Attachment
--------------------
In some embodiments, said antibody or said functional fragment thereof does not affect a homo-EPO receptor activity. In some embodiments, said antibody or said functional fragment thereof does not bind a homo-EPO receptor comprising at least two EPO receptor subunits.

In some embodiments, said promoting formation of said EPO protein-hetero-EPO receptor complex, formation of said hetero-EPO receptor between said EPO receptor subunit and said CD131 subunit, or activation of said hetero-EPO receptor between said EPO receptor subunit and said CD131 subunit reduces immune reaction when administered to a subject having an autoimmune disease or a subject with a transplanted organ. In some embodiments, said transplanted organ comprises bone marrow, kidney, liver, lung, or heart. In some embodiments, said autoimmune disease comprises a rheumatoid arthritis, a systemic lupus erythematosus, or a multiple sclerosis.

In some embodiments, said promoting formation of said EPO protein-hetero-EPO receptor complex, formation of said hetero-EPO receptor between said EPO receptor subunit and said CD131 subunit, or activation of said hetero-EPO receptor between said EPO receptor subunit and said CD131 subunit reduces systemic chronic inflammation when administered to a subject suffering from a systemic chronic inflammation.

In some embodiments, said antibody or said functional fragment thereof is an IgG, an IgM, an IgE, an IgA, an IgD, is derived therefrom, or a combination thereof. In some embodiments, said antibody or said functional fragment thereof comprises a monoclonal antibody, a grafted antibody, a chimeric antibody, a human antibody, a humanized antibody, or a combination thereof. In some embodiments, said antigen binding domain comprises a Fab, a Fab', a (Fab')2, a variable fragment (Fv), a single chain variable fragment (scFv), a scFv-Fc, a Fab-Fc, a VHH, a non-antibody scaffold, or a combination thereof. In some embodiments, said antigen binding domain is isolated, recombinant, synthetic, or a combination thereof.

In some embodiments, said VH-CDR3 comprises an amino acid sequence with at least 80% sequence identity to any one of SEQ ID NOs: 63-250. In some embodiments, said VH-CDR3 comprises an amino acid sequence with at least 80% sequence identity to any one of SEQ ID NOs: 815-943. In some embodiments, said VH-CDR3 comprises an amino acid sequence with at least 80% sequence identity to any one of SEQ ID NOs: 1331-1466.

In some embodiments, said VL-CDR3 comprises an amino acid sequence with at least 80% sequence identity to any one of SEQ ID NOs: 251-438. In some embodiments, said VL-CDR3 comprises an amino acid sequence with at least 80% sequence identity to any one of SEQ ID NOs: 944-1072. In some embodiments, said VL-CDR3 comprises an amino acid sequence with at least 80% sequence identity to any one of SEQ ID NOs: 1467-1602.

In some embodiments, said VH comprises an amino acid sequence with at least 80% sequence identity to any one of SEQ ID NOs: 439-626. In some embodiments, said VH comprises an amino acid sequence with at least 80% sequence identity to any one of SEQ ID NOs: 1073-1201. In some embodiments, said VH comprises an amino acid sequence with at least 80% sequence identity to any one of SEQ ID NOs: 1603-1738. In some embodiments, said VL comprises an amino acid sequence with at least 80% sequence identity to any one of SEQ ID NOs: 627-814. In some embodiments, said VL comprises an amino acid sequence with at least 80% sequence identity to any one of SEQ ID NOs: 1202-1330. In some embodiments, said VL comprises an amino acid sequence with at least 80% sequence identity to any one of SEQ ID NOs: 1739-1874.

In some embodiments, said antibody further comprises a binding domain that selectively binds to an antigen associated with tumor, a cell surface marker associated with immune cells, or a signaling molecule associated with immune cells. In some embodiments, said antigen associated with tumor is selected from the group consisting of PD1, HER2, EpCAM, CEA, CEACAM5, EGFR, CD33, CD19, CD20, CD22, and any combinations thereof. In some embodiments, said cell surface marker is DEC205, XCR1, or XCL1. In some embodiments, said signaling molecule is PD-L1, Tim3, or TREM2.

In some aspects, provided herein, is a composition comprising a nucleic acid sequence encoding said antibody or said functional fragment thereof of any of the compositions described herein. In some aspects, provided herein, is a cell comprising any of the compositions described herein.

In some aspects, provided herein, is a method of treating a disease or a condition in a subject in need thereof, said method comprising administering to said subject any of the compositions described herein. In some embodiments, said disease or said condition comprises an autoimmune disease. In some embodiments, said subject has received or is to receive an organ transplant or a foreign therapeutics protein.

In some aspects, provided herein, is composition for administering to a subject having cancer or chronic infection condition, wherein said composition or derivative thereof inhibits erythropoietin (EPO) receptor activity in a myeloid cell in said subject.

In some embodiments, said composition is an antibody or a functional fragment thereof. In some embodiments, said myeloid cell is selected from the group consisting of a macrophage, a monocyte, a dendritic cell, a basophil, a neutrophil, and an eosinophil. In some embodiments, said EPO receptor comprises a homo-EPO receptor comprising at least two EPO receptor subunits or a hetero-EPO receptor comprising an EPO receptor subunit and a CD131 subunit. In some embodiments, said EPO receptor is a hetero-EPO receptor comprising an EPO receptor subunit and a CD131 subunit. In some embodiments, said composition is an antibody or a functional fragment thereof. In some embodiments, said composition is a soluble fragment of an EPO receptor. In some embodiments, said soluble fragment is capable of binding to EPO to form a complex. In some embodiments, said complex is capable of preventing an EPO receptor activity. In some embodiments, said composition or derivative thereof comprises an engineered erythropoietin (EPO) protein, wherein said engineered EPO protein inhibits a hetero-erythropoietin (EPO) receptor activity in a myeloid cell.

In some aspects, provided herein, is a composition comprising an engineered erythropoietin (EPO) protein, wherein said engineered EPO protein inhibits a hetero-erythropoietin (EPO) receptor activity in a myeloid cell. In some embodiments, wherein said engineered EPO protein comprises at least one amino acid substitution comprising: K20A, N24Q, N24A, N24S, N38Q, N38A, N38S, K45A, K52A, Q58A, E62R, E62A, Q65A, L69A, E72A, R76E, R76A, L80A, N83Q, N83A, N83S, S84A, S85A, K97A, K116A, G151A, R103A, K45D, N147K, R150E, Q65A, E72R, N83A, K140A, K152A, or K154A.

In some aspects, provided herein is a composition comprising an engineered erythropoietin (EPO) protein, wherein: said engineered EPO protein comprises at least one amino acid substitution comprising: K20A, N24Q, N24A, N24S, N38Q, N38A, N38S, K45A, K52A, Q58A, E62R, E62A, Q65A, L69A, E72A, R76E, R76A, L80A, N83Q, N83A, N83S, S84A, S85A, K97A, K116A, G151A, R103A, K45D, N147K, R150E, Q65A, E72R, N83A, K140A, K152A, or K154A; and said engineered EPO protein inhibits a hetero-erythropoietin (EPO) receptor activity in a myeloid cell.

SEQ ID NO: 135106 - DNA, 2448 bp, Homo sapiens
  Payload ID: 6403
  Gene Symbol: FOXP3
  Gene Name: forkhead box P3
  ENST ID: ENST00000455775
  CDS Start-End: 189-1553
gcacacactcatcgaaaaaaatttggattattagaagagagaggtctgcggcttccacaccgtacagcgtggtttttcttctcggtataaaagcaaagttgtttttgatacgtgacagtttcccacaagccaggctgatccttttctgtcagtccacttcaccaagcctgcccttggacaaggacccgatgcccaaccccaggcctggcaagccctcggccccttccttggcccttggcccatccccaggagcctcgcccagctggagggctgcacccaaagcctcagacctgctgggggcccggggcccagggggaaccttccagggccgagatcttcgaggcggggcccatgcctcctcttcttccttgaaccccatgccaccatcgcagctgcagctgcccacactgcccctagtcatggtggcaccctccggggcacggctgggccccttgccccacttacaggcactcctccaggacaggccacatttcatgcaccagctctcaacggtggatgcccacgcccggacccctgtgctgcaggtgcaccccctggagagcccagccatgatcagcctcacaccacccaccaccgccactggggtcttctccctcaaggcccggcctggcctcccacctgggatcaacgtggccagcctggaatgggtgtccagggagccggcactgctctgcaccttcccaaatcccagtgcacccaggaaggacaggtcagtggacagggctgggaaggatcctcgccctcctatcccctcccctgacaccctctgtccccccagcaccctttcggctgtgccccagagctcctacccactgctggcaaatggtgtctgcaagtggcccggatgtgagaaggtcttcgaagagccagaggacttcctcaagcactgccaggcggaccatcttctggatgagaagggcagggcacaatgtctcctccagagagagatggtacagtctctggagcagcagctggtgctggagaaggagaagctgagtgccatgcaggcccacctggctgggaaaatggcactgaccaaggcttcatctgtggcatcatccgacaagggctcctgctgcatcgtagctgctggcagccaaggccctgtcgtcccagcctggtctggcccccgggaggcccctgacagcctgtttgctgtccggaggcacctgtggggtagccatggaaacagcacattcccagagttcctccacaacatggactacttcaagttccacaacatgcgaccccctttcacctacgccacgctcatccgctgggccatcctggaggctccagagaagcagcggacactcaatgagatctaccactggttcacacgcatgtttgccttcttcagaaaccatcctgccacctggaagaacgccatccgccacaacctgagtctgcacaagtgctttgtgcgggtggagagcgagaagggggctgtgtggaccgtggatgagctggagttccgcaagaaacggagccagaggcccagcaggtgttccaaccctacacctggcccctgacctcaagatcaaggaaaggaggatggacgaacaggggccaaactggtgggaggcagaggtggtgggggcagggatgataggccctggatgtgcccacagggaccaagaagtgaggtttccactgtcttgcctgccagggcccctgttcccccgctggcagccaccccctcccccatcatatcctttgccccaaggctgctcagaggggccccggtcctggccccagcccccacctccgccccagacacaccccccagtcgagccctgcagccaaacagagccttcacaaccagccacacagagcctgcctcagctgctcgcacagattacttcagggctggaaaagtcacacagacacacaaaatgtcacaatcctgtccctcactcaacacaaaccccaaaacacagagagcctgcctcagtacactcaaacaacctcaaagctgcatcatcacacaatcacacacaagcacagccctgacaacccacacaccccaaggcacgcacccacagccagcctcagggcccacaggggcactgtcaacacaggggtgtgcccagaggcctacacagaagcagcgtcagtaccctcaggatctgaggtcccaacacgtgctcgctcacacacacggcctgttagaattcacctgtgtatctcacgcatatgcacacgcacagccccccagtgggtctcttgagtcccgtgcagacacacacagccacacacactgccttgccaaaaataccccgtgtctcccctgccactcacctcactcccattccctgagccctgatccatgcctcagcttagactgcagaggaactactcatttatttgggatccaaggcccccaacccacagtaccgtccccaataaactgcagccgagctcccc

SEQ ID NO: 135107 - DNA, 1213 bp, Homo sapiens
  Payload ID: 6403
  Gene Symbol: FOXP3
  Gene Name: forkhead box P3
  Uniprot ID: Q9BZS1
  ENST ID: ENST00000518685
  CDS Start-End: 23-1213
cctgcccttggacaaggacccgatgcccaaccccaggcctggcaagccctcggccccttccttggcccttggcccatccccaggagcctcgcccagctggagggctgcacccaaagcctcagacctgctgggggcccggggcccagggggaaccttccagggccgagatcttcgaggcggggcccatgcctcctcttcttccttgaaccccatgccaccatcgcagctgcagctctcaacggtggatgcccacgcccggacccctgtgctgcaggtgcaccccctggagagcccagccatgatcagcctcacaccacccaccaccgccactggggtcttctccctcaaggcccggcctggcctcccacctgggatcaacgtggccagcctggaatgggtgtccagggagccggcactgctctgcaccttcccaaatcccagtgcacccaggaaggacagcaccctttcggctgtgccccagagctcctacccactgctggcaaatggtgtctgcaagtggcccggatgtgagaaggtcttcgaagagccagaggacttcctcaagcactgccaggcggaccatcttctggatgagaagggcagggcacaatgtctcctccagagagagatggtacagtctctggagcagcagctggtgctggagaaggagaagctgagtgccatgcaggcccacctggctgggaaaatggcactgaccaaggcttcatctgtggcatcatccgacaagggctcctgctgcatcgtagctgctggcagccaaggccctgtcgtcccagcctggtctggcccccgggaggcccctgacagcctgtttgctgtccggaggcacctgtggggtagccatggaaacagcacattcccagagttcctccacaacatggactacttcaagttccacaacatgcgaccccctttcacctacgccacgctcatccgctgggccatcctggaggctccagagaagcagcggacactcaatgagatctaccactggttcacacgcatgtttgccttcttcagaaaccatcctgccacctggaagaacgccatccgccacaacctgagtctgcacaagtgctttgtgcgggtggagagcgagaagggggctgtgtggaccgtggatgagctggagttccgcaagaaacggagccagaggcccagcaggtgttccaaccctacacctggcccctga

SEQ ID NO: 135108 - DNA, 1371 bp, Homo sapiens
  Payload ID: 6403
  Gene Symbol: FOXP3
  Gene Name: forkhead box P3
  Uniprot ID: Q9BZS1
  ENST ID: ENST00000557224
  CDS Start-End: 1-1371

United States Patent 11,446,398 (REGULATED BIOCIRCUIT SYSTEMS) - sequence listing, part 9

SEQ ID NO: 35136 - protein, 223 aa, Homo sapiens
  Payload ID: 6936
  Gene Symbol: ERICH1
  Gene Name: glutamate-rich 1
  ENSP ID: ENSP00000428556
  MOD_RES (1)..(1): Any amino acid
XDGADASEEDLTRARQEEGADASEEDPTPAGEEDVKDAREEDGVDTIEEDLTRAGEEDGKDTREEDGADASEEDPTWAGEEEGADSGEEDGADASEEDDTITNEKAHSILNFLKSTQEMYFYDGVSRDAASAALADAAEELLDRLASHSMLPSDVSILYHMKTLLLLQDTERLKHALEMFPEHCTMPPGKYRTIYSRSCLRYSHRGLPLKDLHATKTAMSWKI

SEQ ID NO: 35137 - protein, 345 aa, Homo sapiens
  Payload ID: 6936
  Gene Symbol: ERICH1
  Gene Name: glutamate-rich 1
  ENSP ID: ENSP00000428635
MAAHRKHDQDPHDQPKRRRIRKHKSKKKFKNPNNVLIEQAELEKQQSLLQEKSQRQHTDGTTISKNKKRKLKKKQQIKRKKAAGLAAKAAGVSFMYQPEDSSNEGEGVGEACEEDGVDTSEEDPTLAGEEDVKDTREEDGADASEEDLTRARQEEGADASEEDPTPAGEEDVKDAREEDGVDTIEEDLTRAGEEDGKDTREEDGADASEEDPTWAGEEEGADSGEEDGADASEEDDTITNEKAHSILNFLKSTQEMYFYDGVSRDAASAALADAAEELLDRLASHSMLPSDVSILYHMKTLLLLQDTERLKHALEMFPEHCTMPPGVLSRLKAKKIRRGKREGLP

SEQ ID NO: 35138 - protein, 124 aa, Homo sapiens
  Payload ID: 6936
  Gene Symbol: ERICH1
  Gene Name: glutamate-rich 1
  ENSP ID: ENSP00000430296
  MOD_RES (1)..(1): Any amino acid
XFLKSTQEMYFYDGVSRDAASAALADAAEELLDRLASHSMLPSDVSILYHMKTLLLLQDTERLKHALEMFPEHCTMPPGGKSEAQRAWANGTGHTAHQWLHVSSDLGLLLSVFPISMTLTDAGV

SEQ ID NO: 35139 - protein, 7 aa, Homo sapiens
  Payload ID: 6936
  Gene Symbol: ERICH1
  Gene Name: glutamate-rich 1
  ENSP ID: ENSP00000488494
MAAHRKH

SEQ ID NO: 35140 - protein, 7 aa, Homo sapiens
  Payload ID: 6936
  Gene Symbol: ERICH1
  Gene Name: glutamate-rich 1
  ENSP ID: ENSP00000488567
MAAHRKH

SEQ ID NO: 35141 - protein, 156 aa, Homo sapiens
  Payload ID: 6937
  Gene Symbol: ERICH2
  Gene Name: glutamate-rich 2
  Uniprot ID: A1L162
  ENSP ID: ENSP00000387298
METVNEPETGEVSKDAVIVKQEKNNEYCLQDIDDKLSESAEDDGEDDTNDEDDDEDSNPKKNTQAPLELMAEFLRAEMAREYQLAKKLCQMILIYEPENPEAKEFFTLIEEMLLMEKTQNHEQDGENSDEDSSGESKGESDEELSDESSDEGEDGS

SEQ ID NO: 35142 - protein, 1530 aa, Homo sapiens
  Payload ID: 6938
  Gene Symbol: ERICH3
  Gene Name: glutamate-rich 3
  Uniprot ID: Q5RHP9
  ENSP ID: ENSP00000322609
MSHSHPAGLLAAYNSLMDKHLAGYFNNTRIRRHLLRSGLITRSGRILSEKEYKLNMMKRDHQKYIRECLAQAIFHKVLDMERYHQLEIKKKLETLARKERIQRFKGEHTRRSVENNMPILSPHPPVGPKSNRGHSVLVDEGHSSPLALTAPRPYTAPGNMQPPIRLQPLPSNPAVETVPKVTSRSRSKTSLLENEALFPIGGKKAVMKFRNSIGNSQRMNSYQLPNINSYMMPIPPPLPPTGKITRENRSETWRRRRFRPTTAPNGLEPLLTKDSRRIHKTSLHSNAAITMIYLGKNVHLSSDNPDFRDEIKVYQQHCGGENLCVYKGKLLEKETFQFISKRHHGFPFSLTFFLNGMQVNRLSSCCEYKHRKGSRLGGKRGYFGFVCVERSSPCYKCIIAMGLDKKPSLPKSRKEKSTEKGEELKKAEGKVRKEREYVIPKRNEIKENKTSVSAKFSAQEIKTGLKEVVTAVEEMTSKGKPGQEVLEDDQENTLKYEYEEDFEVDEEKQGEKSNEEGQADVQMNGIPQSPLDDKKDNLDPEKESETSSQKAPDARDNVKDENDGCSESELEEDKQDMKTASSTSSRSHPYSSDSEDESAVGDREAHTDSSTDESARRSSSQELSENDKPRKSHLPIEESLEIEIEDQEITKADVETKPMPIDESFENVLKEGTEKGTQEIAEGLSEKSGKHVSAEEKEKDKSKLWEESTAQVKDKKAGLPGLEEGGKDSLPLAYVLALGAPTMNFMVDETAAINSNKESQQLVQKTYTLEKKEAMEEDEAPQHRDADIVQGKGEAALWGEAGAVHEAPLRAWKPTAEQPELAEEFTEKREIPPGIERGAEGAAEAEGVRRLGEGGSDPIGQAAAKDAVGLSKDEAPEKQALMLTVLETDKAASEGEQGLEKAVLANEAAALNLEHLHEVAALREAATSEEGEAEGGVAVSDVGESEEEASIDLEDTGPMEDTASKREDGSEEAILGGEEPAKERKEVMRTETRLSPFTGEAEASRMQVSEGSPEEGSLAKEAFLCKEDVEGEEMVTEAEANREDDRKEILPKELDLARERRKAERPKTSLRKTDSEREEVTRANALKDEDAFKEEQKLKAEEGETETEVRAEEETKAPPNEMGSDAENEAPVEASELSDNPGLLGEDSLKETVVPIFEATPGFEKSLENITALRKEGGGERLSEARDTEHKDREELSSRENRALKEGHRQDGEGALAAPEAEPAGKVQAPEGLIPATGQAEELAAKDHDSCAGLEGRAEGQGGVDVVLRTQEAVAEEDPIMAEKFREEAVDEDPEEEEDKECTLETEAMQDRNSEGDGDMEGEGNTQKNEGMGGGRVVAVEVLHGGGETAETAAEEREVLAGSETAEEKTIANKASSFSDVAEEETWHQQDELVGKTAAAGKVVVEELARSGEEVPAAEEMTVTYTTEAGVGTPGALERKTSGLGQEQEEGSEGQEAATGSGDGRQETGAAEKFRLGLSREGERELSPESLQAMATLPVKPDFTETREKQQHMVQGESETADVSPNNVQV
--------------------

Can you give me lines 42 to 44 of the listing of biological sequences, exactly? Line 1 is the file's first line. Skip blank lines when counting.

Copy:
  ENSP ID: ENSP00000428556
  MOD_RES (1)..(1): Any amino acid
XDGADASEEDLTRARQEEGADASEEDPTPAGEEDVKDAREEDGVDTIEEDLTRAGEEDGKDTREEDGADASEEDPTWAGEEEGADSGEEDGADASEEDDTITNEKAHSILNFLKSTQEMYFYDGVSRDAASAALADAAEELLDRLASHSMLPSDVSILYHMKTLLLLQDTERLKHALEMFPEHCTMPPGKYRTIYSRSCLRYSHRGLPLKDLHATKTAMSWKI